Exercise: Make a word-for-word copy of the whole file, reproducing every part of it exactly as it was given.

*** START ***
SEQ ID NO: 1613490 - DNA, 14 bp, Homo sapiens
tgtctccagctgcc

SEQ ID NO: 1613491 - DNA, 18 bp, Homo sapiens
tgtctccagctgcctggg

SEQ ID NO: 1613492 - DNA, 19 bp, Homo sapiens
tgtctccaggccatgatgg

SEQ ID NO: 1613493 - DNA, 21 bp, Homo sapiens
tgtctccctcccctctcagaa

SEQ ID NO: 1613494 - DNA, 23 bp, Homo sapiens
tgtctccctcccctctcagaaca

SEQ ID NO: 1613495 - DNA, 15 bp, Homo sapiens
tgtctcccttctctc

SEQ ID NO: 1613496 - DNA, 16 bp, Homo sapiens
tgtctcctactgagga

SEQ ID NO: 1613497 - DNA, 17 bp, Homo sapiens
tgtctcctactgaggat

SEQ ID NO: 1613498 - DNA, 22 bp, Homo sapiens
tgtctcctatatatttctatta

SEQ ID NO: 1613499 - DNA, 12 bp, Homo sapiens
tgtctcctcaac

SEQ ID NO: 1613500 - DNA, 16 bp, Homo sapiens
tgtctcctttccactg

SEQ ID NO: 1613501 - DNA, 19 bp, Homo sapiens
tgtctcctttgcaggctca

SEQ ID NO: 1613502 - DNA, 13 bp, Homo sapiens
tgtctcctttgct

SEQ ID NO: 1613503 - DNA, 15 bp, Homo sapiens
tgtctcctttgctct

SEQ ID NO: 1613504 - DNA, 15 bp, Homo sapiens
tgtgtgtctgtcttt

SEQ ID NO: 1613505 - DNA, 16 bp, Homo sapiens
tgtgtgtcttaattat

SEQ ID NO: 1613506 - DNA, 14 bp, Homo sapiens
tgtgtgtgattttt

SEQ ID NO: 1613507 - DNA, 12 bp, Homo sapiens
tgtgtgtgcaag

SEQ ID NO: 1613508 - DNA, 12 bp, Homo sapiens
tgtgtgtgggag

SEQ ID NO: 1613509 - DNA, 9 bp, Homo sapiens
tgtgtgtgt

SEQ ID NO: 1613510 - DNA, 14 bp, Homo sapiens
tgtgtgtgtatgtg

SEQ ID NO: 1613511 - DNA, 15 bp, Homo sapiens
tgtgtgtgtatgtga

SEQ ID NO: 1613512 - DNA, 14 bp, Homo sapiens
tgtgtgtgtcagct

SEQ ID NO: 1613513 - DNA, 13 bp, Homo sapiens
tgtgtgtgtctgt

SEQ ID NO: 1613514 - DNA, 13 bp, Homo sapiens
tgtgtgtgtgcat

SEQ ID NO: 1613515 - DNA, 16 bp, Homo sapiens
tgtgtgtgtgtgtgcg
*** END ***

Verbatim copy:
SEQ ID NO: 1613490 - DNA, 14 bp, Homo sapiens
tgtctccagctgcc

SEQ ID NO: 1613491 - DNA, 18 bp, Homo sapiens
tgtctccagctgcctggg

SEQ ID NO: 1613492 - DNA, 19 bp, Homo sapiens
tgtctccaggccatgatgg

SEQ ID NO: 1613493 - DNA, 21 bp, Homo sapiens
tgtctccctcccctctcagaa

SEQ ID NO: 1613494 - DNA, 23 bp, Homo sapiens
tgtctccctcccctctcagaaca

SEQ ID NO: 1613495 - DNA, 15 bp, Homo sapiens
tgtctcccttctctc

SEQ ID NO: 1613496 - DNA, 16 bp, Homo sapiens
tgtctcctactgagga

SEQ ID NO: 1613497 - DNA, 17 bp, Homo sapiens
tgtctcctactgaggat

SEQ ID NO: 1613498 - DNA, 22 bp, Homo sapiens
tgtctcctatatatttctatta

SEQ ID NO: 1613499 - DNA, 12 bp, Homo sapiens
tgtctcctcaac

SEQ ID NO: 1613500 - DNA, 16 bp, Homo sapiens
tgtctcctttccactg

SEQ ID NO: 1613501 - DNA, 19 bp, Homo sapiens
tgtctcctttgcaggctca

SEQ ID NO: 1613502 - DNA, 13 bp, Homo sapiens
tgtctcctttgct

SEQ ID NO: 1613503 - DNA, 15 bp, Homo sapiens
tgtctcctttgctct

SEQ ID NO: 1613504 - DNA, 15 bp, Homo sapiens
tgtgtgtctgtcttt

SEQ ID NO: 1613505 - DNA, 16 bp, Homo sapiens
tgtgtgtcttaattat

SEQ ID NO: 1613506 - DNA, 14 bp, Homo sapiens
tgtgtgtgattttt

SEQ ID NO: 1613507 - DNA, 12 bp, Homo sapiens
tgtgtgtgcaag

SEQ ID NO: 1613508 - DNA, 12 bp, Homo sapiens
tgtgtgtgggag

SEQ ID NO: 1613509 - DNA, 9 bp, Homo sapiens
tgtgtgtgt

SEQ ID NO: 1613510 - DNA, 14 bp, Homo sapiens
tgtgtgtgtatgtg

SEQ ID NO: 1613511 - DNA, 15 bp, Homo sapiens
tgtgtgtgtatgtga

SEQ ID NO: 1613512 - DNA, 14 bp, Homo sapiens
tgtgtgtgtcagct

SEQ ID NO: 1613513 - DNA, 13 bp, Homo sapiens
tgtgtgtgtctgt

SEQ ID NO: 1613514 - DNA, 13 bp, Homo sapiens
tgtgtgtgtgcat

SEQ ID NO: 1613515 - DNA, 16 bp, Homo sapiens
tgtgtgtgtgtgtgcg